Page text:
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» Assembly Tips

Ford Modular Oil Pumps

GM LS Oil Pumps

Oil Volume vs. Oil Pressure

Oil pump pressure and flow

We wanted to take a moment to give our customers a few simple tips that will increase the success and the life of their engine rebuild.  While this is not an all-inclusive list, we hope to address many common issues our customers face.  Any engine assembly will require the proper tools and experience to be successful. 

45.4% of bearing failures are due to dirt or debris in the oiling system of the engine.*  Here at C&P Machine we clean every engine we assemble,  inspect every engine part, and carefully assemble the engine in a clean room separated from the rest of the machining operations of our facility.  You should clean your parts even if they have been degreased in a machine shop.  It is the engine assembler’s responsibility to do the final cleaning of each component.

We recommend using hot soapy water to clean your engine block, running brushes into the cylinders and oil galleys, and using compressed air to remove any remaining water from the block.  After polishing, crankshafts are sprayed with rust inhibitors and should be cleaned. Our parts department can help you with the proper oil galley and cylinder brushes that will make this task easier.

Thoroughly clean your engine prior to assembly.

While assembling your engine it is recommended to use connecting rod boots that cover the rod bolts.  It’s very easy to introduce burrs onto a crankshaft when installing the rod & piston assembly.  Using these will prevent damaging the crankshaft.

Cover the rod bolts during assembly.
bolt boots

36.8% of bearing failures are caused by misassembly, misalignment, or insufficient lubrication.*  Properly checking your bearing clearance could prevent many of these failures.  Plastigage is a strip of waxy material that, when installed between the bearing and crankshaft journal, will flatten out as the cap is torqued.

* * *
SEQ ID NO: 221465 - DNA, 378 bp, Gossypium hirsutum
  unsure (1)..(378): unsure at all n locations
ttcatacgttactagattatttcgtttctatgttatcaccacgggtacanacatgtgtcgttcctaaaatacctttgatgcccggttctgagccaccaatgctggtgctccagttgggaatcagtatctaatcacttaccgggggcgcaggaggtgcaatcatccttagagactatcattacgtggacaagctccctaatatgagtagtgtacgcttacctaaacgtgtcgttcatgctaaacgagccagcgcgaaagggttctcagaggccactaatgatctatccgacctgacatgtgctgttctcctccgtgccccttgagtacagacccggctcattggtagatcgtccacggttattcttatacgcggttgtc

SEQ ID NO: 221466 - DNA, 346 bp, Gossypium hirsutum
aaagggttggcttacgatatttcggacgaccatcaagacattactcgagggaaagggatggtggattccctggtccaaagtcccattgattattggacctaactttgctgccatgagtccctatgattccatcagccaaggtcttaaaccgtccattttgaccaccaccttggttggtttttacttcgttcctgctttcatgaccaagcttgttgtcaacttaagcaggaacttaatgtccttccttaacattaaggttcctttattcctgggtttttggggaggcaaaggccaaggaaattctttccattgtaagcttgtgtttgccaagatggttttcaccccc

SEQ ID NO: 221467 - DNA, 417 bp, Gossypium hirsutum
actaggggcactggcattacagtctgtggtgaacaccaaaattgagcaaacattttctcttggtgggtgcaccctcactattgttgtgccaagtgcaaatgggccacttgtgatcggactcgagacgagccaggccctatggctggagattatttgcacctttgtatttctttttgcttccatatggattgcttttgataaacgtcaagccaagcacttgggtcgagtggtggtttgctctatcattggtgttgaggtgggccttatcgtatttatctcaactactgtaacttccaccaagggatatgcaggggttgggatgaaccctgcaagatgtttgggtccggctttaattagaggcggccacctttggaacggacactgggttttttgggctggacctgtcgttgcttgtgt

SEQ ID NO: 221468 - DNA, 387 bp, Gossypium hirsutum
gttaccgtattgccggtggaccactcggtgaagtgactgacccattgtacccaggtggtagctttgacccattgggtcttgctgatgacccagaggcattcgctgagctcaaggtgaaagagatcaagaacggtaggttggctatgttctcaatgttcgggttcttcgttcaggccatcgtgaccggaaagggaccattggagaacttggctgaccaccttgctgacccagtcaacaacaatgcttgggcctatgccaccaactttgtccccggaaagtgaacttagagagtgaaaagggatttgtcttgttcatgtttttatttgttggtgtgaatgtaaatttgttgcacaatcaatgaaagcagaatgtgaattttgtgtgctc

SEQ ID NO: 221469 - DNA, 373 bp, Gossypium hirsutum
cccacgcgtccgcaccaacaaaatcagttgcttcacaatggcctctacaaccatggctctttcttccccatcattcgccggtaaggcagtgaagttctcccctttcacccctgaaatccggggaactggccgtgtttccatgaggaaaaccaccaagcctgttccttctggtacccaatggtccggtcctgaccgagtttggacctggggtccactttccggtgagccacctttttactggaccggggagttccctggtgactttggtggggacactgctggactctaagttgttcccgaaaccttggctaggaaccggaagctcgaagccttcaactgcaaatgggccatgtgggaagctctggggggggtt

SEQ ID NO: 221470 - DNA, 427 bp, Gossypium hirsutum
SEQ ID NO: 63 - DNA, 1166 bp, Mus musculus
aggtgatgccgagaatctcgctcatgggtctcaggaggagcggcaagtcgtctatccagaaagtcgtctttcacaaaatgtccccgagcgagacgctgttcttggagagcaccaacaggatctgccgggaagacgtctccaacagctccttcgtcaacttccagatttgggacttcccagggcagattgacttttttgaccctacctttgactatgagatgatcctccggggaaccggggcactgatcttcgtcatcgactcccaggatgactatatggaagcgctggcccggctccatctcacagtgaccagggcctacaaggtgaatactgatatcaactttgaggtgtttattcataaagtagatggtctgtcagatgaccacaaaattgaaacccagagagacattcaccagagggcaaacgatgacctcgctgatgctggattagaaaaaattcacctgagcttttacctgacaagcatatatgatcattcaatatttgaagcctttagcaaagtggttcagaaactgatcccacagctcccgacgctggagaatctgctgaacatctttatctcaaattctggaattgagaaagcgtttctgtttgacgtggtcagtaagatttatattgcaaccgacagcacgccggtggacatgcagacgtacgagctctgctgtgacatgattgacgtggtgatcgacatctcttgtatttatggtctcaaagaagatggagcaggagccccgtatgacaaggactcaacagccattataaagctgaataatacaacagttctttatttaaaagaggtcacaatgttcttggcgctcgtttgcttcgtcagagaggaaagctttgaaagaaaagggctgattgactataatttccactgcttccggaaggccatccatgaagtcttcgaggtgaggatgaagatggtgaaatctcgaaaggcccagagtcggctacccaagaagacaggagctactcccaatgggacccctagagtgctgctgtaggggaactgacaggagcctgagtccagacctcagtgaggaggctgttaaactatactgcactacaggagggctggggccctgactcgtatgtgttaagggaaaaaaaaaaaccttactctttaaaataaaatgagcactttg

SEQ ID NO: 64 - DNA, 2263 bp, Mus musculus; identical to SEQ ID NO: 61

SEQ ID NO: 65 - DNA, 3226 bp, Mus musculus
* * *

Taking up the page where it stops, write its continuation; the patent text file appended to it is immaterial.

It comes with a scale to convert the width of the wax strip to the actual clearance.  Our skilled staff can explain the proper procedure for using plastigage.  It is still recommended to use plastigage even when your components have been machined to size.

Check bearing clearances using plastigage.

Prior to installing the rings on your pistons you should carefully put the compression ring into the cylinder bore and measure the end gap using a feeler gauge.  This check can catch cylinders that are the incorrect size, mispackaged rings, or you may have rings that are considered “file fit.”

In many performance applications file fit rings are sold because each engine’s cylinder bores may be different, and you gain more control over having the proper end gap.  Once again, our skilled staff can guide you on the proper end gap and measuring procedure for your engine.

Check your piston ring end gap using feeler gauges.

This can vary depending on your engine, and application.  Many passenger car and street performance engines will require special additives to be added to the engine oil prior to break in.   Engine oils of today have changed dramatically from what they were in years past.

Stricter environmental controls have eliminated many of the beneficial ingredients such as Zinc and Phosphorus.  Under running conditions these additives help form a barrier between the camshaft and lifters preventing failure on break in.   If required for your application, we recommended purchasing an engine oil break-in oil additive that contains these ingredients. Add before your break in, and with the first oil change.

Use proper oil additive during engine break in.

We assemble engines every day here at C&P Machine and are happy to assemble your reconditioned engine for you as well.  Contact our service department for more information.